Syntax-Semantics Interaction in Sentence Understanding

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Mahesh, Kavi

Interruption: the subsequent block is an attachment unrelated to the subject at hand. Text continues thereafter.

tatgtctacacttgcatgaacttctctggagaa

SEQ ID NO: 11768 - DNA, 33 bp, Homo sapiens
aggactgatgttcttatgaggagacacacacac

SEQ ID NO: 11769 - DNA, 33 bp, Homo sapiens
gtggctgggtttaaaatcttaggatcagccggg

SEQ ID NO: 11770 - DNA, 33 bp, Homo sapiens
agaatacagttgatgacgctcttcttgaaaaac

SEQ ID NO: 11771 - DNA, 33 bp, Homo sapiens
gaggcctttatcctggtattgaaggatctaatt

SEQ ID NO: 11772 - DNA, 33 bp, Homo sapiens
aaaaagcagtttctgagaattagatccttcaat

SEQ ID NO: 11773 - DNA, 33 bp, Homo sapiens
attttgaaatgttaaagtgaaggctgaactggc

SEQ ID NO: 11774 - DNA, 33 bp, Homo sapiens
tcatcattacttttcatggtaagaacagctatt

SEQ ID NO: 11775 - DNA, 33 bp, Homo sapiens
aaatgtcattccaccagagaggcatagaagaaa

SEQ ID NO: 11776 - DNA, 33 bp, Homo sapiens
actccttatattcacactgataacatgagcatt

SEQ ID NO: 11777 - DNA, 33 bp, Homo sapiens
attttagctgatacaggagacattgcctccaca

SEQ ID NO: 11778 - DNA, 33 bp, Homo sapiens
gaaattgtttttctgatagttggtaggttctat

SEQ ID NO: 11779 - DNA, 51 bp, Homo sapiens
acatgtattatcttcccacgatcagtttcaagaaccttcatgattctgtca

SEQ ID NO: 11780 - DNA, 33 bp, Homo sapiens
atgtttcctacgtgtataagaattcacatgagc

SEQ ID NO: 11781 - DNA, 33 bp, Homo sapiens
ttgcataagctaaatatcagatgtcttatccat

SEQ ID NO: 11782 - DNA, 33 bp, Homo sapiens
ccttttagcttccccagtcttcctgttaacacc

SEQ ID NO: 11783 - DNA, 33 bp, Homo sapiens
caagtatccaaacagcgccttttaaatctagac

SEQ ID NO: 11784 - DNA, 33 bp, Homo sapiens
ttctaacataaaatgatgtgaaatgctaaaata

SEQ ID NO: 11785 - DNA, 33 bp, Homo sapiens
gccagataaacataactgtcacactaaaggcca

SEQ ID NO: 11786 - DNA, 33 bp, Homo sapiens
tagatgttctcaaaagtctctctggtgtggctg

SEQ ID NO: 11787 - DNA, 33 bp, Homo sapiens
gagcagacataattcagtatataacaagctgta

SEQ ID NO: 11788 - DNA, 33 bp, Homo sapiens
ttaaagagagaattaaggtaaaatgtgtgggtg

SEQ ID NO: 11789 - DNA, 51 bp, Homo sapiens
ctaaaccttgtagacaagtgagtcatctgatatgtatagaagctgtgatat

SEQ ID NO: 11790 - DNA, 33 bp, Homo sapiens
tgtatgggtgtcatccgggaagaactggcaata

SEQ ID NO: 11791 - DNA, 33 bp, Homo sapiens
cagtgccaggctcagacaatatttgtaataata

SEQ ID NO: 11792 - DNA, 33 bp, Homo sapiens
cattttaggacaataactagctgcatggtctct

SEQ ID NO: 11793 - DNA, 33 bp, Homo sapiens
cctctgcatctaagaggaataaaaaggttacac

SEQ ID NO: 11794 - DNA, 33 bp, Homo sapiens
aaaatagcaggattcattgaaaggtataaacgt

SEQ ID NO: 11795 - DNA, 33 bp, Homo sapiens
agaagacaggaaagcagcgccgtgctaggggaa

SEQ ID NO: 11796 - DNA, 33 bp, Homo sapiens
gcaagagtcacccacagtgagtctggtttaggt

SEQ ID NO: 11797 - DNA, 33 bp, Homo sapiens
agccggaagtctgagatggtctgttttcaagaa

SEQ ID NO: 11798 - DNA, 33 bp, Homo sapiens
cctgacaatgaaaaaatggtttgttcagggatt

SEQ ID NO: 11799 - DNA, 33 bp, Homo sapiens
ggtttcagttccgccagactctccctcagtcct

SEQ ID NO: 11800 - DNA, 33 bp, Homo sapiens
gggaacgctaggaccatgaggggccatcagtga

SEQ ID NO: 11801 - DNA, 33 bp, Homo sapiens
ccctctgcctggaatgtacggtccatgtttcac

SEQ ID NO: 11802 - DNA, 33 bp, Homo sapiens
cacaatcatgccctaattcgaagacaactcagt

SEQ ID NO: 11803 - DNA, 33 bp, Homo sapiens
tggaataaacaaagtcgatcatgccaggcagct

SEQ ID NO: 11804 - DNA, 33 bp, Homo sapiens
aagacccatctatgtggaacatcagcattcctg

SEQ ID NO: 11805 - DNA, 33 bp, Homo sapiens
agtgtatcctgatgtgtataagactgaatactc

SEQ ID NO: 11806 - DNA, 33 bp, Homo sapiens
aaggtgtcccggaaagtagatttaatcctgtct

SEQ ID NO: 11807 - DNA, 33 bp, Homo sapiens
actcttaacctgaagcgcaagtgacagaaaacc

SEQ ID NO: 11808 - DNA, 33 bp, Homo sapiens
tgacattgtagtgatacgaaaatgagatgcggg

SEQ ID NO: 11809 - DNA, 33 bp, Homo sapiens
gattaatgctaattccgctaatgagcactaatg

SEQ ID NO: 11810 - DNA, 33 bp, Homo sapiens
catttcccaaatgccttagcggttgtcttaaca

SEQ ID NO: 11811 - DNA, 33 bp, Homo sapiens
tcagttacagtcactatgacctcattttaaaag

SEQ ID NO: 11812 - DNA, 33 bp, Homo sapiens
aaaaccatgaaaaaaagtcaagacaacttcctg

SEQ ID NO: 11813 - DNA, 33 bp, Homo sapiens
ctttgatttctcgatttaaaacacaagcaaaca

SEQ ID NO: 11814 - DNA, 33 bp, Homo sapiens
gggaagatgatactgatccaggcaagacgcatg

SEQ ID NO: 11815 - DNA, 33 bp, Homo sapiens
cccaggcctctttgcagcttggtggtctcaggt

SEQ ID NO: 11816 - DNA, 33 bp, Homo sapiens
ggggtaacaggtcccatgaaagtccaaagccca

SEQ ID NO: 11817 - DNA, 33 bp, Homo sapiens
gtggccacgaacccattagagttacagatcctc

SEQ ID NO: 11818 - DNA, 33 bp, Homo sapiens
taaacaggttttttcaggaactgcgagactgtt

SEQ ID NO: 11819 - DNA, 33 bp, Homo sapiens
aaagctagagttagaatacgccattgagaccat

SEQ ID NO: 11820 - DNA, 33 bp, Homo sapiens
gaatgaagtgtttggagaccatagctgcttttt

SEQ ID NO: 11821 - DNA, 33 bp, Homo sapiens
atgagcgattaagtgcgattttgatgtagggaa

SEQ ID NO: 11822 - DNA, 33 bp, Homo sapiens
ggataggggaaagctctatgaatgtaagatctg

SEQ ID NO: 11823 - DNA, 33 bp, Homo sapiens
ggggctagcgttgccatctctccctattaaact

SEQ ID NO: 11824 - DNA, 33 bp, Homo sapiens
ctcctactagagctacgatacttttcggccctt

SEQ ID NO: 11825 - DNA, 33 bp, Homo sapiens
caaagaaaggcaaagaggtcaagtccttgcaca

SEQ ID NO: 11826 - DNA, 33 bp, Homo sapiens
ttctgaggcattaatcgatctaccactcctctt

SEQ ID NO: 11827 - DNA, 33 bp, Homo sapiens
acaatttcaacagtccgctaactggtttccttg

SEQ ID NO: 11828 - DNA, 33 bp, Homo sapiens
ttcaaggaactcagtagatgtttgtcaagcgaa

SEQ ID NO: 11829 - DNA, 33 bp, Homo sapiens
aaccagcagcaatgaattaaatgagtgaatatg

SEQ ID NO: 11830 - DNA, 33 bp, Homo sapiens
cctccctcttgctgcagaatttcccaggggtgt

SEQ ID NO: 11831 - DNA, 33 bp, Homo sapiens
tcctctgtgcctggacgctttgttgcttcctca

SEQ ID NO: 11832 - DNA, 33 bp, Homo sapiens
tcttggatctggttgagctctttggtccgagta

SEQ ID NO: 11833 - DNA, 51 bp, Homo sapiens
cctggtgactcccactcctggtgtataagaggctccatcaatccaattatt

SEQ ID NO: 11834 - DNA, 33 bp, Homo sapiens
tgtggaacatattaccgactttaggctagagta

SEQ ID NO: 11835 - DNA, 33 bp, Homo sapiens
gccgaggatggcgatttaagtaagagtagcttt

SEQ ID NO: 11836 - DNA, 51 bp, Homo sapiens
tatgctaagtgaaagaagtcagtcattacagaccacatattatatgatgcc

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Natural language is the primary mode of human communication. Developing a complete and well-specified computational model of language understanding is a difficult problem. Understanding a natural language sentence requires the application of many types of knowledge, such as syntactic, semantic, and conceptual knowledge, to resolve the many types of ambiguities that abound in natural language. Most unresolved issues in both psychological and computational modeling of sentence understanding are concerned with the questions of when should each of the various types of knowledge be applied in processing a sentence and how should the different types of knowledge be integrated to select unique interpretations of sentences. In this work, we have developed a model of sentence understanding called COMPERE (Cognitive Model of Parsing and Error Recovery). Our model was built on the hypothesis that a sentence processor has an architecture with separate representations of the different types of knowledge but a single unified process that integrates the different types of knowledge. We have shown that such an architecture addresses the modularity debate by demonstrating how the same sentence processor can produce seemingly modular behaviors in some situations and interactive behaviors in other situations. We have also shown how the unified arbitrating process can not only resolve both syntactic and semantic, lexical and structural, ambiguities, but can also recover from its errors in both syntactic and semantic ambiguity resolution. The unified process can also explain the temporal dependencies in syntax-semantics interactions. It shows how certain decisions are made early and others delayed until further information becomes available. We have developed a parsing algorithm called Head-Signaled Left-Corner parsing to identify the time course of points in the sentence where decisions are to be made. This algorithm decides when to make a commitment and when to delay a syntactic attachment. We have also developed a simple arbitration algorithm for combining information coming from multiple knowledge sources and for resolving any conflicts between them. In addition we have developed a uniform representation of syntactic and semantic interpretations using what are called intermediate roles. These intermediate roles not only aid the dynamic integration of knowledge types by the unified arbitrator, they also provide a declarative record of the intermediate decisions made in syntax-semantics interactions to enable the processor to recover from its errors through repair rather than complete reprocessing. We present a theoretical framework for formal analyses of the performance of sentence processors in various situations. These analyses indicate that the HSLC parsing algorithm, along with incremental interactions between syntax and semantics controlled by the unified arbitrator, reduces the amount of local ambiguity and working memory requirements in processing a sentence. We also present certain psychological predictions made by the COMPERE model.
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